It doesn’t happen often. But when it does, it is not a good feeling.

Anyone else ever get stuck in their closet? (Literally, figuratively, take your pick.)

A story

Her body parts were fighting.

They had forgotten how to work together, and they were all complaining. All trying to get the most pity. All trying to make it clear that they were the root of all of the problems.

They couldn’t even remember how they started fighting. It just happened sometimes. The harmonious friendship they had would start to unravel, bit by bit, until rather than working as a team, they were all enemies. Pulling, fighting, arguing.

Blood wasn’t flowing at the same rate that Heart wanted to pump. Head pounded at an entirely separate pace. Right Eye hurt. Neck formed a rock of tension. Lungs wanted to breathe at its own pace, and not communicate with Heart or Mouth.

And so, Brain was exhausted, and Core was exhausted. Listen to each other, they pleaded. Work together, they encouraged. You are a system, they reminded.

But the parts would not listen. And now they had all become so stubborn, that even if they wanted to unite once again, they didn’t even remember how.

Brain and Core had one last idea. Let’s go to yoga, they wearily suggested. Well, the parts started to argue. But Brain and Core mustered all of their energy and put their foot down. We are going. Get into the car, they said, the way you’d talk to a small child throwing a tantrum.

And so, they went to yoga. And despite their determination to work on their own and not be team players, Heart and Lungs began to talk. And as she moved from pose to pose, flowing her body through sequences, Legs had to talk to Arms, who had to talk to Hands and Wrist. Because if they didn’t, she might fall, or get hurt. And while they didn’t have much respect for each other at the moment, they did respect and love her. And Heart and Lungs began to coordinate their breath with Legs and Arms. And Neck relaxed as Lungs exhaled. And they all noticed that she looked calmer than she had in days, and that made them feel good.

By the end of class, everyone had put aside their stubborness, animosity, and negativity. They had decided to move on and forgive each other. After all, they couldn’t even remember what they were fighting about. They couldn’t even remember why they decided to go their own ways. They felt so much better working as a team, flowing as one unit. And more importantly, she was happy. Brain and Core relaxed for the first time in days.

And they all walked out of the studio, together, as one.

Google Glass: Brain Power for autism

My dad sent me this article, knowing I would have thoughts. The article is called, “Can an app for Google Glass offer a path out of autism?”

I become suspicious, immediately, of anything promising to “cure” or “fix” or “save kids from” autism. So, my defenses were immediately engaged.

I have read a little bit about Google Glass over the last year or so, but am certainly no expert on the technology, nor do I claim to be. But, the idea, at least as I understood it, is this app (called “Brain Power”) would be used to encourage autistic children to make eye contact. The app flashes cartoon characters on the screen where another individual’s face is (e.g., a parent), to “lure” their eyes up to the individual’s eyes. Essentially, tricking them into making eye contact. Once they look up, they receive points, and the character is taken away.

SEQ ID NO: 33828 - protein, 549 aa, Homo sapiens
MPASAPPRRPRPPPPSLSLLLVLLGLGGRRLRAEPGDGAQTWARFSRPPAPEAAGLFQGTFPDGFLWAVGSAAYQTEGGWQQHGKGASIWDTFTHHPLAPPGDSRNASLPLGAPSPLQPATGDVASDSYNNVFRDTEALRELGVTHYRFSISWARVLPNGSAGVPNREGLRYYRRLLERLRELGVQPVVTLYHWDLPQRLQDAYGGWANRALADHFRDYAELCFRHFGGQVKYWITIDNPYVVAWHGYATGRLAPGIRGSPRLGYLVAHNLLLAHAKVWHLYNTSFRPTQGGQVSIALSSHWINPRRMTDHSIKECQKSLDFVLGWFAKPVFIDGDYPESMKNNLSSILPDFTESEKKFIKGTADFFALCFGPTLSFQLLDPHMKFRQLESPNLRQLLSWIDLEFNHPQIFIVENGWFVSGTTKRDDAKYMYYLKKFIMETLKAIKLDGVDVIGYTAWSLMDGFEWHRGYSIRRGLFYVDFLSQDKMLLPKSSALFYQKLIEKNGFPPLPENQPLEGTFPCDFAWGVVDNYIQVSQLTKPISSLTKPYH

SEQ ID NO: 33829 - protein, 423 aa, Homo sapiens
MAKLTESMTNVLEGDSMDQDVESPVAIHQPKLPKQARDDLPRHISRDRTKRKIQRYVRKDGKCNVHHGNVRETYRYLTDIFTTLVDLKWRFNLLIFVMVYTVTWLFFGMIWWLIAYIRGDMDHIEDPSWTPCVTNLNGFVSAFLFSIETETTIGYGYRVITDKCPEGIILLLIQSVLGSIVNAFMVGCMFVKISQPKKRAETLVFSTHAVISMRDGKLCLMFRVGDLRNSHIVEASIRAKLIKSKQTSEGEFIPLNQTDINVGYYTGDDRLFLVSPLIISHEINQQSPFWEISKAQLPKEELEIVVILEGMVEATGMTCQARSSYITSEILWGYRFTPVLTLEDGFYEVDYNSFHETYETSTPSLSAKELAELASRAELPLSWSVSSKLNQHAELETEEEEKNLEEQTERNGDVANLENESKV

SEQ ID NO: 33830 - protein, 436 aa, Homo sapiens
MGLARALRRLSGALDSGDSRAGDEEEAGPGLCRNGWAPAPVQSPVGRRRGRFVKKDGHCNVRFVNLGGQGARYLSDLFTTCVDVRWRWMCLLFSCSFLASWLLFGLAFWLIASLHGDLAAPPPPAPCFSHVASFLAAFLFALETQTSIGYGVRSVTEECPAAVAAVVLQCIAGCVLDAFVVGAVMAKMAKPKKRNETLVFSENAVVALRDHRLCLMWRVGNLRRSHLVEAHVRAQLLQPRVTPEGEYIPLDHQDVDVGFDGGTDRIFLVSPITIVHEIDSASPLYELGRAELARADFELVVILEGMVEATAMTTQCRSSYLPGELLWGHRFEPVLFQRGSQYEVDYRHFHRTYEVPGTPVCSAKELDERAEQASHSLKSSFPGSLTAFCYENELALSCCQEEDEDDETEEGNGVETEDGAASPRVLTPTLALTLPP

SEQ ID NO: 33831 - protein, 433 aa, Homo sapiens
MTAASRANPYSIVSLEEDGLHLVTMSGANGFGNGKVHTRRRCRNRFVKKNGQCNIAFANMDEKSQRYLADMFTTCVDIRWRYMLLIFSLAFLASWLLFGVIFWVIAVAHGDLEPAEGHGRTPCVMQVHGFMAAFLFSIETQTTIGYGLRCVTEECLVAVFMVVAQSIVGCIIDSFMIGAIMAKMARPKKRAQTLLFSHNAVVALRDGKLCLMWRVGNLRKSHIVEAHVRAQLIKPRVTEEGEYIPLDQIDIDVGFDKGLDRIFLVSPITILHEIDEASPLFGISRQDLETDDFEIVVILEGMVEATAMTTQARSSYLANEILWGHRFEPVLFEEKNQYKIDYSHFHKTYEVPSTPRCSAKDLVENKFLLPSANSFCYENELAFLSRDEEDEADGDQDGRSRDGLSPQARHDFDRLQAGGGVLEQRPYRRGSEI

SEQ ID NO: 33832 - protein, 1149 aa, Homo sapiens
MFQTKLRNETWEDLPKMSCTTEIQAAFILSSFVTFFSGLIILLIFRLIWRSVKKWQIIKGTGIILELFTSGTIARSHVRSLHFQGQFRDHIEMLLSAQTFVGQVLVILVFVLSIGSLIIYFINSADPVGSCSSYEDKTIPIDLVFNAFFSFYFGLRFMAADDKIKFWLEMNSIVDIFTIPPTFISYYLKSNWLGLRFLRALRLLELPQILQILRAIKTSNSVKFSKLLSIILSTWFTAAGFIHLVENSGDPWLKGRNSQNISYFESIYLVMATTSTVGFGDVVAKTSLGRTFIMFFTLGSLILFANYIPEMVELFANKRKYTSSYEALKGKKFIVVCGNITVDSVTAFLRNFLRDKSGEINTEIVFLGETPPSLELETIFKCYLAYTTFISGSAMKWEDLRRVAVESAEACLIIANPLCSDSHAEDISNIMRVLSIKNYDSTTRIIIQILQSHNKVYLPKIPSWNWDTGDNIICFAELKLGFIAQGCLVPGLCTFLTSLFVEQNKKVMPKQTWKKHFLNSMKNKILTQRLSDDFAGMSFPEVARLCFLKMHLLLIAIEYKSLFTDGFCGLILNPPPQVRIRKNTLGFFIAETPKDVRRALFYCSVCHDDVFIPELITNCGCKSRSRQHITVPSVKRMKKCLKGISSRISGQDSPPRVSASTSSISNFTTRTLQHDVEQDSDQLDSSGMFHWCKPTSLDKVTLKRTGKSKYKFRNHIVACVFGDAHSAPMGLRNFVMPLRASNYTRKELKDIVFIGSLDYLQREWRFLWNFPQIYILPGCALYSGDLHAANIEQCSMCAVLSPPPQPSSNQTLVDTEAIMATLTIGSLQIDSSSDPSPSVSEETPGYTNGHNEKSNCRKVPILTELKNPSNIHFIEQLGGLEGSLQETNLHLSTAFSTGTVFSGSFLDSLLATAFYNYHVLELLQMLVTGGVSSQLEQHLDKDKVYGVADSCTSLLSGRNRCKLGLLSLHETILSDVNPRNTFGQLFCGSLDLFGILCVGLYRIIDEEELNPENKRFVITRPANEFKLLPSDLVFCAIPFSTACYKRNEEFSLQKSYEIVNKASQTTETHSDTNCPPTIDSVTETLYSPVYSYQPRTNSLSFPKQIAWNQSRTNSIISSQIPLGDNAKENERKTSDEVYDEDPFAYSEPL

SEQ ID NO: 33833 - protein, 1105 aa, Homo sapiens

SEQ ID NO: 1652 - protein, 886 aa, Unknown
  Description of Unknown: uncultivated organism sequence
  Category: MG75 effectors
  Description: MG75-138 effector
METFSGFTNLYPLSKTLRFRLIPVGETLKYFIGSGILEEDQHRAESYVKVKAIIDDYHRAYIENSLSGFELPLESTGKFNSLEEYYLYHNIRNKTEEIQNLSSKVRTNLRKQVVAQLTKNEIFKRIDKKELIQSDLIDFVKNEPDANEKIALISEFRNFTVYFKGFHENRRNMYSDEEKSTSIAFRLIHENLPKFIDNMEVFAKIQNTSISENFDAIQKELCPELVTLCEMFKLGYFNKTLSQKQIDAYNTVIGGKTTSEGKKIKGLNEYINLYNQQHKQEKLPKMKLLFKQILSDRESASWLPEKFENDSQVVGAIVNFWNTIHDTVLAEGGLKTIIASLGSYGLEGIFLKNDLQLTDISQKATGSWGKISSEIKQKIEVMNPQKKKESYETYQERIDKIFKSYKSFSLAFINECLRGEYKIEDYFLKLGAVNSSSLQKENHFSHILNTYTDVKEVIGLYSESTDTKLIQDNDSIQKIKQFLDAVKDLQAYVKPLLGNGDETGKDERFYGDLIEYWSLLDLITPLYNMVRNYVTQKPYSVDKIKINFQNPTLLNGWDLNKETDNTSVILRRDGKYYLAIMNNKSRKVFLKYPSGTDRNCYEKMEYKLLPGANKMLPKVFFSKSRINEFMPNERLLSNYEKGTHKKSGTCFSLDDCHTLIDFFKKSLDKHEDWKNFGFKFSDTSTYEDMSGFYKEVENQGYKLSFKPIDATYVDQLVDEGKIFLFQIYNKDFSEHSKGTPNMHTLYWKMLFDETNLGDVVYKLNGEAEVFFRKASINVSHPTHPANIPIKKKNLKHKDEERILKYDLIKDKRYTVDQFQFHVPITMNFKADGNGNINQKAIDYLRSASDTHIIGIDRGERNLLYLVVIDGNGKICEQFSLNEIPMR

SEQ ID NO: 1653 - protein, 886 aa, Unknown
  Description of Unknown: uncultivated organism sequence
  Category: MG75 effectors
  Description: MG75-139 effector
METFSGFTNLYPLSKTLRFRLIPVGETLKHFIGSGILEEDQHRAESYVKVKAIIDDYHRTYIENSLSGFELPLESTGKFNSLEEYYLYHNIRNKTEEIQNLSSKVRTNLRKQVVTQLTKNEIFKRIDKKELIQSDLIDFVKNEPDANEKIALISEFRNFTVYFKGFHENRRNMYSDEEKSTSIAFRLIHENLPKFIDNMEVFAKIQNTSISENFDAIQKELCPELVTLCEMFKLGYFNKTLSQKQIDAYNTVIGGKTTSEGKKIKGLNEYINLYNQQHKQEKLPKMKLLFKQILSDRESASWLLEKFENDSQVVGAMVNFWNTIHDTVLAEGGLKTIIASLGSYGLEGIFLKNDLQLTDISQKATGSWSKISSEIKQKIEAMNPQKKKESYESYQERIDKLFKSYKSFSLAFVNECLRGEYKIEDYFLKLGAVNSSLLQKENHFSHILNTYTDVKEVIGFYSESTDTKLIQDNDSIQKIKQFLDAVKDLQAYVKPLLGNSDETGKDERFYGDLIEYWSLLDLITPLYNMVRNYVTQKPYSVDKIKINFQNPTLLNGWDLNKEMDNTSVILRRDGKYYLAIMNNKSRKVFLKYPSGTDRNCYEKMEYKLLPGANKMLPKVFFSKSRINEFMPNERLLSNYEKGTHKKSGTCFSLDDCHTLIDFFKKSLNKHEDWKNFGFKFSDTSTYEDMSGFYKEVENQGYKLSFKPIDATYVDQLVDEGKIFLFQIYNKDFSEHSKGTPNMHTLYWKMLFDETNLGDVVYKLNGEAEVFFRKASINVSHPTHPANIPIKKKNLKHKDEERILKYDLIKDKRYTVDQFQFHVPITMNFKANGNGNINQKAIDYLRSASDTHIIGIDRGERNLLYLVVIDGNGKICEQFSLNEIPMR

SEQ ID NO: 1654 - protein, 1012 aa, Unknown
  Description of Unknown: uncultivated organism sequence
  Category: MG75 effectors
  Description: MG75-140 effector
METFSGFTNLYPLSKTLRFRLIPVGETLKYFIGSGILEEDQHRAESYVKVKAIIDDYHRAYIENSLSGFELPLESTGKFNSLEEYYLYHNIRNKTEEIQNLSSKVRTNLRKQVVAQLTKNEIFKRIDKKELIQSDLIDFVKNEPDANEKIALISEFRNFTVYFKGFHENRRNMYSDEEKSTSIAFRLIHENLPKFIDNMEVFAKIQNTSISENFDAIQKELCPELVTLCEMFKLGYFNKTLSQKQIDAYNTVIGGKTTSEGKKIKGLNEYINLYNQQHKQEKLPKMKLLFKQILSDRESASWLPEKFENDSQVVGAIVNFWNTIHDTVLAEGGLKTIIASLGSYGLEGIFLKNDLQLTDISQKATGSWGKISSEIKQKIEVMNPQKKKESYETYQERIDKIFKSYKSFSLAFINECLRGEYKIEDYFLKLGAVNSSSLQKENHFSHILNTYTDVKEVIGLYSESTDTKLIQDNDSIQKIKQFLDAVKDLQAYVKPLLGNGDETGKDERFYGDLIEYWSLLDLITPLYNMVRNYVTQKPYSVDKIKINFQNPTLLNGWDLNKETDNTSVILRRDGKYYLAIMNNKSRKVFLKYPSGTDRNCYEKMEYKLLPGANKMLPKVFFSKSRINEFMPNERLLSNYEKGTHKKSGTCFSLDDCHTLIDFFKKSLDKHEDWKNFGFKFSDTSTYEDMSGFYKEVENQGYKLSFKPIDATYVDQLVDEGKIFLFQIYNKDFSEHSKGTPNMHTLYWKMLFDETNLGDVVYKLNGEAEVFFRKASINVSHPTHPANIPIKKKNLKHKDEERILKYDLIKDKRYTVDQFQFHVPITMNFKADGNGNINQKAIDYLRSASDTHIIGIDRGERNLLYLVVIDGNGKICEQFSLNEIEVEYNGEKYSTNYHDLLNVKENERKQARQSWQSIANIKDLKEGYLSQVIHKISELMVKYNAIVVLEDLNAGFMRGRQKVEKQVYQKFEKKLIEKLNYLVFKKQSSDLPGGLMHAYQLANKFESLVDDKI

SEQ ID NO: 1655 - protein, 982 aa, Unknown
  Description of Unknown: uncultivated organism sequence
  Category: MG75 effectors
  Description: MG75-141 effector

First of all – I am a huge fan of technology. Almost every single one of my students use it for learning in some form, and I believe its implications are limitless. So my issue with Brain Power is not the fact that it’s technology. In fact, I believe that Google Glass in general could absolutely be added to the arsenal of tools that benefit our autistic kids.

Several things bother me. For starters, I have said many times, and it is no secret that I believe, that autism is not a “condition”, is not a “problem”, is not an “epidemic.” And I have a lot of reservations for a company who operates with this fundamental belief, as Brain Power seems to. Autism comes with its challenges, but so does neurotypicalism.

The next issue is what Brain Power is aiming to do. Is it REALLY aiming to improve social communication, and social thinking skills? Or is yet another behavioral approach, aimed at reducing certain behaviors? Because I am thinking the latter. I believe in Social Thinking, in teaching social communication, at breaking down the fundamentals to help our kids understand social interaction. I teach it every day of the year, and I’m all for it. But teaching kids how to interact, why to interact, is not the same as a strict behavioral approach. We are not requiring our kids to do something without helping them understand why.

Another app digitally accentuates the person’s eyes to attract attention, because autistic children are known to focus on the speaker’s mouth.

Well, I can’t tell you how many autistic kids and adults have expressed that they can’t make eye contact, because it’s too damn painful. We actually teach kids to look at a mouth, or a nose, or an ear – we teach them to fake it, that no, we aren’t going to force them into making direct eye contact, but by looking in the general direction of someone’s face, they are still showing that they’re listening, paying attention, showing interest. Yes, there are kids who truly don’t understand the concept of why they would need to look at someone’s face to begin with. So we start there. But it’s not looked at as a problem to be fixed. Of all of the zillions of challenges that come with autism, I have never, nor do I know anyone who has ever, thought, “Oh! You know what? A really important thing that we need to fix is make all of our kids make eye contact.” Because it’s just not crucial. Communicating wants and needs is. Coping strategies for anxiety is. Making the world functional and accessible is.